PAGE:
Starting off the tournament, The Million Dollar Man battled a true American hero in Hacksaw. These two had a history in Mid-South Wrestling, so both men appreciated the opportunity to duke it out at WrestleMania. The match didn’t last too long (this would be a theme for the night): with Virgil and Andre in his corner, DiBiase benefitted from their involvements, as a Virgil distraction allowed The Giant to trip up and strike Duggan, making him easy prey for a DiBiase pinfall. The Million Dollar Man was off the mark, and if the finish of this bout was anything to go by, it wouldn’t be a case of toppling DiBiase alone for whomever wished to become the new WWF Champion.

WWF Championship Tournament First Round Match
Don Muraco vs. Dino Bravo

When WWF fans recall the Golden Age, it’s doubtful that they remember the phase when Don Muraco was managed by Superstar Billy Graham, but that’s what we had here as the original Rock collided with Dino, who had Frenchy Martin as his cornerman. This was even more forgettable than the content of the Battle Royal, and it ended when Bravo got himself disqualified after drawing the referee into the line of vision to take a Muraco forearm. Don had advanced, while for Dino, this was as close as he ever came to a WWF Title opportunity on a PPV event.

WWF Championship Tournament First Round Match
Ricky Steamboat vs. Greg Valentine

Next up, we had an eye-catching collision as The Dragon battled The Hammer. Ricky brought his wife and young son (future NXT performer Richie) to ringside, while Valentine had his usual manager Jimmy Hart by his side. What would win when you throw a dragon in there with a hammer? Turns out, it would be the hammer: Greg got the slightly surprising victory, albeit with a handful of tights. This was the best bout so far, and it pretty much ended Steamboat’s first WWF tenure, with him being severely downgraded from the position of Intercontinental Champion one year earlier. Valentine was something of a dark horse based on his history of winning belts, so it was understandable that he would advance, in hindsight.


WWF Championship Tournament First Round Match
Macho Man Randy Savage vs. Butch Reed

The Macho Man’s big night began here as he took on The Natural one, Butch Reed, in the latter’s only noteworthy WWF bout. This was acceptable enough when you consider that Savage had a long evening ahead of him (from a kayfabe standpoint, it would make perfect sense that the performers wouldn’t go all-out early on as they had to converse energy for a potential three further matches). Savage took the pin with the Big Elbow, and he was now on his way.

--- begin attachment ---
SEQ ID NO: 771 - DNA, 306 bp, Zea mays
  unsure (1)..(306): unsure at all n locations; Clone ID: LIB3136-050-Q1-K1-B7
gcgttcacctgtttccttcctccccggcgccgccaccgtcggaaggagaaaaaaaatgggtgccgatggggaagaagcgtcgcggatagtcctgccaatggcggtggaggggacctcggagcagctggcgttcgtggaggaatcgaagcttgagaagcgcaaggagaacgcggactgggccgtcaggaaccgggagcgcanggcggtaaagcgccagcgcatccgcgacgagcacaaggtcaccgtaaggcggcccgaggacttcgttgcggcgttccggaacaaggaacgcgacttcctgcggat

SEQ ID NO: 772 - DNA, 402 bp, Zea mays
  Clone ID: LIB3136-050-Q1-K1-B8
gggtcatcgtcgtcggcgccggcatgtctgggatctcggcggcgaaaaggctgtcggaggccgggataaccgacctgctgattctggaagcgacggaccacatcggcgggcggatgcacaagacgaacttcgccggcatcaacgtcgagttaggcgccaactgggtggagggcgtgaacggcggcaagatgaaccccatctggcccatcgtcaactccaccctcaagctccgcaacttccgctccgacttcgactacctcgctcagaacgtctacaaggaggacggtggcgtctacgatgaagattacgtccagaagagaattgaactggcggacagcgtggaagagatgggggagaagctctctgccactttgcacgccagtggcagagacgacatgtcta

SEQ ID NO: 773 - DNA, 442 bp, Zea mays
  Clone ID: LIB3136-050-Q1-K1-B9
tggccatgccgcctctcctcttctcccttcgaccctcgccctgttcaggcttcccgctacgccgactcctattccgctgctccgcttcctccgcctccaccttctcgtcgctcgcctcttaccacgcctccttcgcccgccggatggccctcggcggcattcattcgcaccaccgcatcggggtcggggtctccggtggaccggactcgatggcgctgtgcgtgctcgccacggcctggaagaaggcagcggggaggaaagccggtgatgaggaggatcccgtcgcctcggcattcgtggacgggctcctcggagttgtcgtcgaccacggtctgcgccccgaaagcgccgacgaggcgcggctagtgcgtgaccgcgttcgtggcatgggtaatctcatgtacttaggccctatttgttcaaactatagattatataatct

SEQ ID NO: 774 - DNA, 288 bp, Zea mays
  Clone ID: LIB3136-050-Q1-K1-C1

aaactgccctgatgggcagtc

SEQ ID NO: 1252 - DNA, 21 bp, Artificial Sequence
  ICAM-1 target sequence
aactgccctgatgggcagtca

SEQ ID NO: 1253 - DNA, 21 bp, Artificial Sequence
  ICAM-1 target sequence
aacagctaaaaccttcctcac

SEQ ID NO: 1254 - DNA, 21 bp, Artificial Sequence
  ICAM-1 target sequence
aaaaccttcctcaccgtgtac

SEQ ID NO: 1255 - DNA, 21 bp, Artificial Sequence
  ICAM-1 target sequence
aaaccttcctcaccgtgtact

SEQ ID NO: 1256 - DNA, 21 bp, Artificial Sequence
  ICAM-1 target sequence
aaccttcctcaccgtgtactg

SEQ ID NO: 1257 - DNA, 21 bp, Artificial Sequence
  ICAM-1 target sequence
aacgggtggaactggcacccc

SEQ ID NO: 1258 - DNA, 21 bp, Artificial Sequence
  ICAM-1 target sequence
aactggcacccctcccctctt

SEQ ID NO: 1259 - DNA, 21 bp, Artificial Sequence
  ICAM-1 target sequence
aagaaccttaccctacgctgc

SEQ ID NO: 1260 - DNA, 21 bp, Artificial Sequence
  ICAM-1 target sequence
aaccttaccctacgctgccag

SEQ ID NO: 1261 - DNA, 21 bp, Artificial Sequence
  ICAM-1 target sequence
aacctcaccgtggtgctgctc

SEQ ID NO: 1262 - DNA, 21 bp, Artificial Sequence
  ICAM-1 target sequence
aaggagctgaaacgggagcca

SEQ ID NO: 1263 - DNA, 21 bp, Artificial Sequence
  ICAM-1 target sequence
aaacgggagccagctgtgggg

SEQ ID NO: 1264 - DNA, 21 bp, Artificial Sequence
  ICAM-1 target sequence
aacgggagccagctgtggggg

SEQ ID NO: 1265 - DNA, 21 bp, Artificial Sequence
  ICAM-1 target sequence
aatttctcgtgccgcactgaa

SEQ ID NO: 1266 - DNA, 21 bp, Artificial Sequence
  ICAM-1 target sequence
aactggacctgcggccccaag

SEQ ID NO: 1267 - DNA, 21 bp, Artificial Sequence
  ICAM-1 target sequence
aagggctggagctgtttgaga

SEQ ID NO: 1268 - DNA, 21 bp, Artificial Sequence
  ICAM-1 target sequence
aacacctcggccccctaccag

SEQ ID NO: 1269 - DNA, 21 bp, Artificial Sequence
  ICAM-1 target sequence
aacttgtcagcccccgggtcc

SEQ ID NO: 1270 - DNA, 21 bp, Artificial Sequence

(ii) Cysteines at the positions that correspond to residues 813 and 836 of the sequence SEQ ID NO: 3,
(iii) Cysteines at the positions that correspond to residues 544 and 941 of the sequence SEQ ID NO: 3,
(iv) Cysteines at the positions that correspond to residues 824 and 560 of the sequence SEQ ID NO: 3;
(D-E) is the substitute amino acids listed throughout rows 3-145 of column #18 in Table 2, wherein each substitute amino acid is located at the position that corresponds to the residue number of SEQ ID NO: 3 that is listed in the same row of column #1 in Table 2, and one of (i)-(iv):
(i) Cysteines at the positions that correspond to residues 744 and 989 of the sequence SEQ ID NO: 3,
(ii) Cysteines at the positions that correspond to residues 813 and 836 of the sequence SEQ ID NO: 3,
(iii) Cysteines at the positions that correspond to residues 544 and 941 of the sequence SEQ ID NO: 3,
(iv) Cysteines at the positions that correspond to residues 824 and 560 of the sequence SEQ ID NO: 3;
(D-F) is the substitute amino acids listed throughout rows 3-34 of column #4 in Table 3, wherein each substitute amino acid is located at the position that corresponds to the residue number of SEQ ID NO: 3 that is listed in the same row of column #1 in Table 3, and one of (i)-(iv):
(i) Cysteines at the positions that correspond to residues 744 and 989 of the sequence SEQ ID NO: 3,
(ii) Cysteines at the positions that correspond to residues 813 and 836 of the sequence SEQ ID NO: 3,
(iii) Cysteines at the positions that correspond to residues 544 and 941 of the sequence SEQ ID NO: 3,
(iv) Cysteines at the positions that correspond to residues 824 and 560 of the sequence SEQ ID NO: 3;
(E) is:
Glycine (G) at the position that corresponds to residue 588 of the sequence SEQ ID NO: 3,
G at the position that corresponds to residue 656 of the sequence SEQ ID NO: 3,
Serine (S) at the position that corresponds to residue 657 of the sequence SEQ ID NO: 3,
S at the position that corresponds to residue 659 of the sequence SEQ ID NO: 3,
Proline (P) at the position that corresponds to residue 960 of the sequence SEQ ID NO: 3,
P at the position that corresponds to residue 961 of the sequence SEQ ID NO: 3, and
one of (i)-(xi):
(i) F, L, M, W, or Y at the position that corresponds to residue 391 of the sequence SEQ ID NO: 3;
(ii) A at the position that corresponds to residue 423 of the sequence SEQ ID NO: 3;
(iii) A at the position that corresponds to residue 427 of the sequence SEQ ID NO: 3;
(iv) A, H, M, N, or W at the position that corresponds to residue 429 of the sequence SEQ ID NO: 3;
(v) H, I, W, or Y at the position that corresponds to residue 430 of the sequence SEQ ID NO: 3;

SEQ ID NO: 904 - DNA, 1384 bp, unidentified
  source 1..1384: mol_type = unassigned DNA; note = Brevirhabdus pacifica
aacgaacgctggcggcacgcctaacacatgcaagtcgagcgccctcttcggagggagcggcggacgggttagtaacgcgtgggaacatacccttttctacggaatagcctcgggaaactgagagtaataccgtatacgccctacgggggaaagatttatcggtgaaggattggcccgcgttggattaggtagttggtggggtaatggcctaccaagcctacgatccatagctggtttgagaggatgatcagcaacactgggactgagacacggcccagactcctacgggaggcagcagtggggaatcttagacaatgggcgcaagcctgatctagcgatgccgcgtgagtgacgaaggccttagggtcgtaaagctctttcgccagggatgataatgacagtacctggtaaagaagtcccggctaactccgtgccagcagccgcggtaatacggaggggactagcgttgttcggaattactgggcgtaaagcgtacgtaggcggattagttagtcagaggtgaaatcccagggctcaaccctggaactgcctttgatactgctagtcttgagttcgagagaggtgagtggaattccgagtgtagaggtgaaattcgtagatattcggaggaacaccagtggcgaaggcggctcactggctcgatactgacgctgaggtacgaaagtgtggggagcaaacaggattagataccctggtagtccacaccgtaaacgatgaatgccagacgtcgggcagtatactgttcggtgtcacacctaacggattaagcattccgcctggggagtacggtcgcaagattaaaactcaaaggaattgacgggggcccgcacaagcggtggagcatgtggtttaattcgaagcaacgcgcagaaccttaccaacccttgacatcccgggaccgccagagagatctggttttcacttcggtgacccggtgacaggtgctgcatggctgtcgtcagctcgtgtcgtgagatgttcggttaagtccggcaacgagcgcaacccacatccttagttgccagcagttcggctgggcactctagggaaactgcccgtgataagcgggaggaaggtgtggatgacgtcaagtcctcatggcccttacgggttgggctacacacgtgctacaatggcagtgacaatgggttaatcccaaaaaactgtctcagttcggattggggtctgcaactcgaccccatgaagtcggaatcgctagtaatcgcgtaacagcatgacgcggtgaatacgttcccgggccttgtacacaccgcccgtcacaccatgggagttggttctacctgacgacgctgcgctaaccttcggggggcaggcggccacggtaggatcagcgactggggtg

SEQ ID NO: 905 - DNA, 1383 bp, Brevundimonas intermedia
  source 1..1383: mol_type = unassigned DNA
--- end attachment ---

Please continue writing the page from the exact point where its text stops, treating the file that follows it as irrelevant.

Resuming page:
WWF Championship Tournament First Round Match
Bam Bam Bigelow vs. The One Man Gang

I started watching the WWF in 1991 and first discovered Bigelow in early 1993, so it blew my mind to later discover that he had already been in the WWF five years earlier. Here, he was facing the future Akeem in a battle of the big men, and the spectacle of this made it a first round highlight. Bigelow got counted out due to the involvement of Gang’s manager Slick, and this was more or less the end of Bigelow’s first WWF stint as well. Was there a secret rule to this tournament that you would disappear from the company if you fell at the first hurdle? After all, Steamboat, Bigelow, Muraco and Reed were all gone within months.

WWF Championship Tournament First Round Match
Jake Roberts vs. Rick Rude

Especially when you consider that these two would stick around for a long time, coincidentally after contesting a match where there was no loser. That’s because The Ravishing One and The Snake fought to a fifteen-minute time limit draw (surely ten minutes would have sufficed for a tournament that had four rounds in one night), though it was the best match of the round, partly due to the credibility that each performer had and partly because, well, they were just that damn good in the ring. As noted, the time expired on this one meaning that both were eliminated, thus setting up a bye for one of the quarter-finalists, and if you know your wrestling psychology, you’ll recognise that a heel would be the beneficiary, but who might that be? (Insert CM Punk head-scratching gif here.) For Rude and Roberts, this would only be the beginning of a legendary feud that would run for most of the year, and one that would become very personal indeed.


The Ultimate Warrior vs. Hercules

After a fun interlude which saw Vanna White give her thoughts on who might advance further in the tournament (which also revealed that One Man Gang would get the aforementioned bye; I told you a villain would get that opportunity), we had a short break from the WWF Title situation for this showdown. Warrior had yet to make it big, so this was him essentially filling time between the more significant bouts on the card (a role he would never have to play again on PPV). Hercules, meanwhile, was still viewed as a potential top heel prospect, even if he very rarely threatened to break through the glass ceiling. This was another unmemorable content, though nothing less than a five-star classic would have changed that perception of this contest. Warrior won and, by August, he was a made man, so it’s good that he was able to pick up his first WrestleMania win here.

WWF Championship Tournament Quarter-Final Match
Hulk Hogan vs. Andre The Giant